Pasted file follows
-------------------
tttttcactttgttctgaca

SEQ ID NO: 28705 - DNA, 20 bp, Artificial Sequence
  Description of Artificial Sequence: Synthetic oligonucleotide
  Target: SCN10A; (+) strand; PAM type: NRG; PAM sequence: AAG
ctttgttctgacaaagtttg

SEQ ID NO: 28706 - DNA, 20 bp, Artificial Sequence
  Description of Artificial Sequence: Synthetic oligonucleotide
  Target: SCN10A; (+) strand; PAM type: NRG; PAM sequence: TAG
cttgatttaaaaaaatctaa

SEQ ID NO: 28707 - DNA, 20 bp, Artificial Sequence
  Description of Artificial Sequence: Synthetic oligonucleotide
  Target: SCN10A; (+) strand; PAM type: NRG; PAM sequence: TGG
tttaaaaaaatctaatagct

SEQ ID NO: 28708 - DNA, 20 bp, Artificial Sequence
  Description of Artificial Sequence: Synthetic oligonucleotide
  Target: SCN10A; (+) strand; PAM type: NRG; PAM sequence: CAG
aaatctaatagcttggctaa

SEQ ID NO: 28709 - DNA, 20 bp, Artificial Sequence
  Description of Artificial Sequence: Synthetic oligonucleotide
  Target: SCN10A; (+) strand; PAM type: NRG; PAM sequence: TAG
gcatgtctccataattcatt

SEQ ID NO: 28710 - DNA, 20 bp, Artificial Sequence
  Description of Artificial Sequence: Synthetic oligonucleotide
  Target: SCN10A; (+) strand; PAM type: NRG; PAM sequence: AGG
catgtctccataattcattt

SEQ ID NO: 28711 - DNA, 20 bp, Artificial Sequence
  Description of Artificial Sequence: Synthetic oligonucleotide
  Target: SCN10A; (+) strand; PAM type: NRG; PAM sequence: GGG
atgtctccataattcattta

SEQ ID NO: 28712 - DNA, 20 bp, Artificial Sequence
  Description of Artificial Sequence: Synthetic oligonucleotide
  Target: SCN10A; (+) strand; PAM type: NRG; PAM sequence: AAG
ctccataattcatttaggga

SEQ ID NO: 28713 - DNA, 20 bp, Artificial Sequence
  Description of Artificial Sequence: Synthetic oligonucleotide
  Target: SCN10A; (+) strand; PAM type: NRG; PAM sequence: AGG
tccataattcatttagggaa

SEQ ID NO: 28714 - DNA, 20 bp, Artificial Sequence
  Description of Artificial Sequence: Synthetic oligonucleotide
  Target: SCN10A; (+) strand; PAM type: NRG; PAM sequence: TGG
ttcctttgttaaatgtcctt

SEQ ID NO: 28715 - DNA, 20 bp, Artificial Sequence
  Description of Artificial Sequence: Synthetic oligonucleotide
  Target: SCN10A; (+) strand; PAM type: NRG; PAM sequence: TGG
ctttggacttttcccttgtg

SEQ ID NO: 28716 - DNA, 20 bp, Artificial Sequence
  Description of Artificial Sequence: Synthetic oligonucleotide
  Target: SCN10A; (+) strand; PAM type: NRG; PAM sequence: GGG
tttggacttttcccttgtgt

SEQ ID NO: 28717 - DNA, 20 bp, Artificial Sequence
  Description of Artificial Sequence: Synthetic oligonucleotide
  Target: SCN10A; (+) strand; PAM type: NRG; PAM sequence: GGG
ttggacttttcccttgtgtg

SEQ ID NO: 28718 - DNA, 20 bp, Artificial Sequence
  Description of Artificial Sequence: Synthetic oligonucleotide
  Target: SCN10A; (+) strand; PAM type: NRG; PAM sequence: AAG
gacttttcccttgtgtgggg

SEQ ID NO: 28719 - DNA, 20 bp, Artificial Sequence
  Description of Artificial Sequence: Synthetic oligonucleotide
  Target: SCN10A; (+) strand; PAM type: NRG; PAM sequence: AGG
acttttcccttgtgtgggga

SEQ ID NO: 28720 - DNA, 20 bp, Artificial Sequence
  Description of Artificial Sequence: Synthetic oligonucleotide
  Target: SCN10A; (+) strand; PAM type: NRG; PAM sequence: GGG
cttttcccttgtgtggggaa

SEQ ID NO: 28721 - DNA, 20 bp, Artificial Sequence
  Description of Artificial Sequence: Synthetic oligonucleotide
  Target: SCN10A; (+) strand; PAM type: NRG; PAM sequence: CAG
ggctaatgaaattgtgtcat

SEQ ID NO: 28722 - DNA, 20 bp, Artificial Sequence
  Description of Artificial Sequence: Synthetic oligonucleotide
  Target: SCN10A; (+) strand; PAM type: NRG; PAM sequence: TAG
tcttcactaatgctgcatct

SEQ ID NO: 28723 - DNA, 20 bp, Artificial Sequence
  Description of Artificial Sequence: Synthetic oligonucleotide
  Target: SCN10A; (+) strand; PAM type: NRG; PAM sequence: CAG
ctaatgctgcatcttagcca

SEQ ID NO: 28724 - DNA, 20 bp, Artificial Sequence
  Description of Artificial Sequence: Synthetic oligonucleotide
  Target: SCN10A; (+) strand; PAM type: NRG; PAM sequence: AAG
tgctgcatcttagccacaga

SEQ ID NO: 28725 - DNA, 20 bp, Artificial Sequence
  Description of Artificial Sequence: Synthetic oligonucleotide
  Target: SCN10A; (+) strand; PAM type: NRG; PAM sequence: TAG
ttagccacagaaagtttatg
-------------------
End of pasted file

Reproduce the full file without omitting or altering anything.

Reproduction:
tttttcactttgttctgaca

SEQ ID NO: 28705 - DNA, 20 bp, Artificial Sequence
  Description of Artificial Sequence: Synthetic oligonucleotide
  Target: SCN10A; (+) strand; PAM type: NRG; PAM sequence: AAG
ctttgttctgacaaagtttg

SEQ ID NO: 28706 - DNA, 20 bp, Artificial Sequence
  Description of Artificial Sequence: Synthetic oligonucleotide
  Target: SCN10A; (+) strand; PAM type: NRG; PAM sequence: TAG
cttgatttaaaaaaatctaa

SEQ ID NO: 28707 - DNA, 20 bp, Artificial Sequence
  Description of Artificial Sequence: Synthetic oligonucleotide
  Target: SCN10A; (+) strand; PAM type: NRG; PAM sequence: TGG
tttaaaaaaatctaatagct

SEQ ID NO: 28708 - DNA, 20 bp, Artificial Sequence
  Description of Artificial Sequence: Synthetic oligonucleotide
  Target: SCN10A; (+) strand; PAM type: NRG; PAM sequence: CAG
aaatctaatagcttggctaa

SEQ ID NO: 28709 - DNA, 20 bp, Artificial Sequence
  Description of Artificial Sequence: Synthetic oligonucleotide
  Target: SCN10A; (+) strand; PAM type: NRG; PAM sequence: TAG
gcatgtctccataattcatt

SEQ ID NO: 28710 - DNA, 20 bp, Artificial Sequence
  Description of Artificial Sequence: Synthetic oligonucleotide
  Target: SCN10A; (+) strand; PAM type: NRG; PAM sequence: AGG
catgtctccataattcattt

SEQ ID NO: 28711 - DNA, 20 bp, Artificial Sequence
  Description of Artificial Sequence: Synthetic oligonucleotide
  Target: SCN10A; (+) strand; PAM type: NRG; PAM sequence: GGG
atgtctccataattcattta

SEQ ID NO: 28712 - DNA, 20 bp, Artificial Sequence
  Description of Artificial Sequence: Synthetic oligonucleotide
  Target: SCN10A; (+) strand; PAM type: NRG; PAM sequence: AAG
ctccataattcatttaggga

SEQ ID NO: 28713 - DNA, 20 bp, Artificial Sequence
  Description of Artificial Sequence: Synthetic oligonucleotide
  Target: SCN10A; (+) strand; PAM type: NRG; PAM sequence: AGG
tccataattcatttagggaa

SEQ ID NO: 28714 - DNA, 20 bp, Artificial Sequence
  Description of Artificial Sequence: Synthetic oligonucleotide
  Target: SCN10A; (+) strand; PAM type: NRG; PAM sequence: TGG
ttcctttgttaaatgtcctt

SEQ ID NO: 28715 - DNA, 20 bp, Artificial Sequence
  Description of Artificial Sequence: Synthetic oligonucleotide
  Target: SCN10A; (+) strand; PAM type: NRG; PAM sequence: TGG
ctttggacttttcccttgtg

SEQ ID NO: 28716 - DNA, 20 bp, Artificial Sequence
  Description of Artificial Sequence: Synthetic oligonucleotide
  Target: SCN10A; (+) strand; PAM type: NRG; PAM sequence: GGG
tttggacttttcccttgtgt

SEQ ID NO: 28717 - DNA, 20 bp, Artificial Sequence
  Description of Artificial Sequence: Synthetic oligonucleotide
  Target: SCN10A; (+) strand; PAM type: NRG; PAM sequence: GGG
ttggacttttcccttgtgtg

SEQ ID NO: 28718 - DNA, 20 bp, Artificial Sequence
  Description of Artificial Sequence: Synthetic oligonucleotide
  Target: SCN10A; (+) strand; PAM type: NRG; PAM sequence: AAG
gacttttcccttgtgtgggg

SEQ ID NO: 28719 - DNA, 20 bp, Artificial Sequence
  Description of Artificial Sequence: Synthetic oligonucleotide
  Target: SCN10A; (+) strand; PAM type: NRG; PAM sequence: AGG
acttttcccttgtgtgggga

SEQ ID NO: 28720 - DNA, 20 bp, Artificial Sequence
  Description of Artificial Sequence: Synthetic oligonucleotide
  Target: SCN10A; (+) strand; PAM type: NRG; PAM sequence: GGG
cttttcccttgtgtggggaa

SEQ ID NO: 28721 - DNA, 20 bp, Artificial Sequence
  Description of Artificial Sequence: Synthetic oligonucleotide
  Target: SCN10A; (+) strand; PAM type: NRG; PAM sequence: CAG
ggctaatgaaattgtgtcat

SEQ ID NO: 28722 - DNA, 20 bp, Artificial Sequence
  Description of Artificial Sequence: Synthetic oligonucleotide
  Target: SCN10A; (+) strand; PAM type: NRG; PAM sequence: TAG
tcttcactaatgctgcatct

SEQ ID NO: 28723 - DNA, 20 bp, Artificial Sequence
  Description of Artificial Sequence: Synthetic oligonucleotide
  Target: SCN10A; (+) strand; PAM type: NRG; PAM sequence: CAG
ctaatgctgcatcttagcca

SEQ ID NO: 28724 - DNA, 20 bp, Artificial Sequence
  Description of Artificial Sequence: Synthetic oligonucleotide
  Target: SCN10A; (+) strand; PAM type: NRG; PAM sequence: AAG
tgctgcatcttagccacaga

SEQ ID NO: 28725 - DNA, 20 bp, Artificial Sequence
  Description of Artificial Sequence: Synthetic oligonucleotide
  Target: SCN10A; (+) strand; PAM type: NRG; PAM sequence: TAG
ttagccacagaaagtttatg